The objective of this study is to develop and validate a questionnaire for evaluating patients’ specific knowledge regarding fibromyalgia. The development of items and questions of the questionnaire was done using four focus group that included physicians, physical therapists, a nurse, and patients with fibromyalgia. Other 30 consecutive patients were recruited to evaluate the questionnaire’s reproducibility (intra- and inter-observer). In order to construct validity, the questionnaire was applied to healthcare professionals with knowledge on fibromyalgia and 20 other patients. To investigate sensitivity to change, the questionnaire was applied to 56 patients before and after an educational program (intervention group) or a waiting list (control group). Eighteen questions fulfilled the inclusion criteria and were understandable for more than 90% of the participants.


Double Checking Test Results With Fibromyalgia & Chronic Fatigue Syndrome

I just learned a lesson I wanted to share with all my fibromyalgia and chronic fatigue syndrome friends — always double check what your test results mean!  I have autoimmune thyroid disease and recently had a flare up of symptoms. My regular doctor is out of town, but I happened to have a check-up with my rheumatologist. When she brought up getting some lab tests done, I asked her to add in a TSH (thyroid stimulating hormone) test. I got a letter in the mail with my results, which said my TSH level was 3.5 and therefore well within the “normal” range of .5 to 5.5.  FM & CF

Crying In the Tub

When it’s not a good day, it can be really bad. I’ve always prided myself on my ways of thinking…Being solution oriented when there is a problem… Smiling at people when they walk in the room…Having people ask my opinion and help with tough situations when they need advise…Being the one that was counted on.  And now I’m not. Now I was just in the bathroom taking my normal detox bath, listening to ambient music, and browsing on my phone. I had a thought of what to search…took action to go there… and then gone. Nothing. …. Grey Matter is what I call it. Grey Matter.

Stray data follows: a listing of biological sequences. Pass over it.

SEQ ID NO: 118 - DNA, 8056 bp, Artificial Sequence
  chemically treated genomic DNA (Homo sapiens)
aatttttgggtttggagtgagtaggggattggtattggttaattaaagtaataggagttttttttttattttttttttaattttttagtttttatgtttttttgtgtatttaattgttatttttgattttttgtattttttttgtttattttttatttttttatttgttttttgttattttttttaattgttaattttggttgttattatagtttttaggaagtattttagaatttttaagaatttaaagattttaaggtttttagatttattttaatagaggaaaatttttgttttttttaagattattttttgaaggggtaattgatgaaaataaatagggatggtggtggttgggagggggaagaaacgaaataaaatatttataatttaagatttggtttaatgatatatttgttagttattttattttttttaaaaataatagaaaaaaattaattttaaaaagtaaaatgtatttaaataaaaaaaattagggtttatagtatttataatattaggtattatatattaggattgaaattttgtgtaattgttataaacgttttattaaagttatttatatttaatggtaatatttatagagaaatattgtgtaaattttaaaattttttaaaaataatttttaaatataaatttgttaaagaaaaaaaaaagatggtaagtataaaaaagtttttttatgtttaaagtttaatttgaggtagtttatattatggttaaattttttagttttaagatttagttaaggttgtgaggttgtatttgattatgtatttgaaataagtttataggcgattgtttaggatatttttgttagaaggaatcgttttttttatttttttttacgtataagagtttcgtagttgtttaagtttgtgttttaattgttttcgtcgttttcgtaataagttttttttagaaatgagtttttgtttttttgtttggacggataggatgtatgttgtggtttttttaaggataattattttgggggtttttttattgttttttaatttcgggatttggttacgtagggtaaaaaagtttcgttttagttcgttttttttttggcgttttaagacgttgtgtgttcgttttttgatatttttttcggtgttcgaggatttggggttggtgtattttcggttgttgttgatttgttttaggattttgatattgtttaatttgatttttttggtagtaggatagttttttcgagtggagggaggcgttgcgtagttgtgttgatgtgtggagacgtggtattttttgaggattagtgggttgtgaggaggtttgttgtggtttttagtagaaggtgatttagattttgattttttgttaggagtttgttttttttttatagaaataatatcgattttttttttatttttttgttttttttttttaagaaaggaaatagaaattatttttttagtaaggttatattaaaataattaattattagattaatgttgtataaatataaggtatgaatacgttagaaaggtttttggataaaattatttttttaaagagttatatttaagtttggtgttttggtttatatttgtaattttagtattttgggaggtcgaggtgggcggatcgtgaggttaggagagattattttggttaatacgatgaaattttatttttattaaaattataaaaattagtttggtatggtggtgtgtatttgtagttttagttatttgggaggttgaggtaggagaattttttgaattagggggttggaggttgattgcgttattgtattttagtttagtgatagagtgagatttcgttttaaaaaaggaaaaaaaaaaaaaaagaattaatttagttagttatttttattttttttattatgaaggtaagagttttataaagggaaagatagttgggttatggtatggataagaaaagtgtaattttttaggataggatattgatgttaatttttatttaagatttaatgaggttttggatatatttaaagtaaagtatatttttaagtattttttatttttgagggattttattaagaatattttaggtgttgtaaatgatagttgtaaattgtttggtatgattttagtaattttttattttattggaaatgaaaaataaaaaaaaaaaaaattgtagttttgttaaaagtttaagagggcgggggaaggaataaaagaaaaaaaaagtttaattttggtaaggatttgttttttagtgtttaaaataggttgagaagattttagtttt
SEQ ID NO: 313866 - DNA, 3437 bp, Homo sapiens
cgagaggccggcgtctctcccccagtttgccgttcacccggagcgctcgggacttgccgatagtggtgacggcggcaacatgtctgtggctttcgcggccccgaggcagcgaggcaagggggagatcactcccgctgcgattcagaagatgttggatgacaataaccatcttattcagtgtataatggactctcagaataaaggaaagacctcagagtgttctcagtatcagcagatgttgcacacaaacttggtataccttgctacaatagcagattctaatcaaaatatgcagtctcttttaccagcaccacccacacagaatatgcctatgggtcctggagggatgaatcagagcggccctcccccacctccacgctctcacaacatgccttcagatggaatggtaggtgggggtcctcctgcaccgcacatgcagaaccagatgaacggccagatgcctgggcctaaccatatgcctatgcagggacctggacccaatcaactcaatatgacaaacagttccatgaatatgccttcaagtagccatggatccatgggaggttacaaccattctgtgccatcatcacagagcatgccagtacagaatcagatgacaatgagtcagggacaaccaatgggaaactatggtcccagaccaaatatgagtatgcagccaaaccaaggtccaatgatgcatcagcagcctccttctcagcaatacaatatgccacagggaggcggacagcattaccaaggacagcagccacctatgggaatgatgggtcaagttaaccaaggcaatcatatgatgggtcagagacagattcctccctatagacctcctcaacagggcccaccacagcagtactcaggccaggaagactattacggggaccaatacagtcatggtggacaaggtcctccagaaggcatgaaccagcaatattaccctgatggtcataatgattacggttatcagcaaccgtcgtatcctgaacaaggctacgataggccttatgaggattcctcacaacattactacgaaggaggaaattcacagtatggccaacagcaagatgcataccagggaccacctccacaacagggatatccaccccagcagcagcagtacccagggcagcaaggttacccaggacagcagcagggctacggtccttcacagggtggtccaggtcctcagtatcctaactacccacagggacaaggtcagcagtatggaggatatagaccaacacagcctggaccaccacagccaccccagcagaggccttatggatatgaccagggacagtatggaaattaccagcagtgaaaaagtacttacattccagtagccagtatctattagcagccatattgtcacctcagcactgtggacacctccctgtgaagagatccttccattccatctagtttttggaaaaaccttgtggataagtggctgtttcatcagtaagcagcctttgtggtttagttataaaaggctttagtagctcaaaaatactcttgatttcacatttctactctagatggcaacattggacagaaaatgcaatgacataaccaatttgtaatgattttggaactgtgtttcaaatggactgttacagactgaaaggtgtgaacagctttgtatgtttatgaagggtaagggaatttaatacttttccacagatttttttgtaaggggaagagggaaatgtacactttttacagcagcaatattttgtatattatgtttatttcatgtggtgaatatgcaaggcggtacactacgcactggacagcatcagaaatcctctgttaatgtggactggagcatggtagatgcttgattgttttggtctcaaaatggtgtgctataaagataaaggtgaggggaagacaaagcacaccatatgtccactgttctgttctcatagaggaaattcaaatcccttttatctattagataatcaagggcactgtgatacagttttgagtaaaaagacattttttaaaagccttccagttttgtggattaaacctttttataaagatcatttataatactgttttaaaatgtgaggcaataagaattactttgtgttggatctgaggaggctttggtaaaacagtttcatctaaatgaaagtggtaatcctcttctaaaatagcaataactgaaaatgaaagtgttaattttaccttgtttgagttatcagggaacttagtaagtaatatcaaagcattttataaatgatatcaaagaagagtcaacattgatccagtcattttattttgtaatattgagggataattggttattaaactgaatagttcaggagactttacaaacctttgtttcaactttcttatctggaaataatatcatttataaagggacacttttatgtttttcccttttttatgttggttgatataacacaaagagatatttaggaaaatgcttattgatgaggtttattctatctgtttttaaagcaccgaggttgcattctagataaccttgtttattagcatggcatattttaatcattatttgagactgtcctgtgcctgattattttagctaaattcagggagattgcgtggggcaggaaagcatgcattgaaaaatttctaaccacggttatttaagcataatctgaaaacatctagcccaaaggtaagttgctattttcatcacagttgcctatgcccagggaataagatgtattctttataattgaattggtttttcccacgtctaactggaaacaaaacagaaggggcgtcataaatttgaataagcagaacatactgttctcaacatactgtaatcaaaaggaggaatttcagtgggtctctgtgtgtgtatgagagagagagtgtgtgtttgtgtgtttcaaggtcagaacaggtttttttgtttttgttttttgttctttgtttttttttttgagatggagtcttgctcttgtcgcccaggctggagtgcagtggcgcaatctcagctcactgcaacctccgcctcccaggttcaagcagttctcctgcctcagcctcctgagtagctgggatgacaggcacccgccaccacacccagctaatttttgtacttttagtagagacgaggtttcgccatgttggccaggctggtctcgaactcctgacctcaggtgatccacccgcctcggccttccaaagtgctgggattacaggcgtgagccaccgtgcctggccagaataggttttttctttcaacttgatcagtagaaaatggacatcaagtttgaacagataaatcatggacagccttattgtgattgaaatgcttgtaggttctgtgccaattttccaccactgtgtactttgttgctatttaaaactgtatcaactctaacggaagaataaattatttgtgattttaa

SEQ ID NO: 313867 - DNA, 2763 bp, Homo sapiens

Twisted Resistor

Shifting To A More Visible Disability

This is really just a post to say that my walker arrived yesterday. I’ve been after a walker (well, a rollator) for quite some time because my walking sticks, lovely though they are, cannot help me with some of my more pressing issues.  Walking sticks are useful if it’s just one of your legs that’s dodgyif it’s just my knee or ankle playing up, for example, a stick will do just fine. And they’ve served me well in the past. However, the fatigue has become considerably more problematic of late, and walking sticks aren’t really much help with fatigue at all, as you end up putting all your weight onto one side of the body and it doesn’t really do anything other than give you a sore shoulder.

Almost Normal

Taking Control: My health resolution for 2011I’m not really the type of person who makes new year’s resolutions. I know myself too well I’ll stick to it for a couple of weeks and then it will all fall by the wayside as quickly as it was thought of in the first place. Last year was going quite well I decided to use an exercise ball 2-3 times a week in an attempt to strengthen my core muscles. I went out, bought a ball and DVD and stuck to it for over a month, before my now ex let James play with the ball whilst I was at work. It rolled too close to the fire and burst and melted rather spectacularly. I did buy another ball, but James was now petrified of them, and I didn’t even inflate it until August, when I was in my new house where there is no fire. I used it about 3 times and have now deflated it to make room for our Christmas tree. Oh well.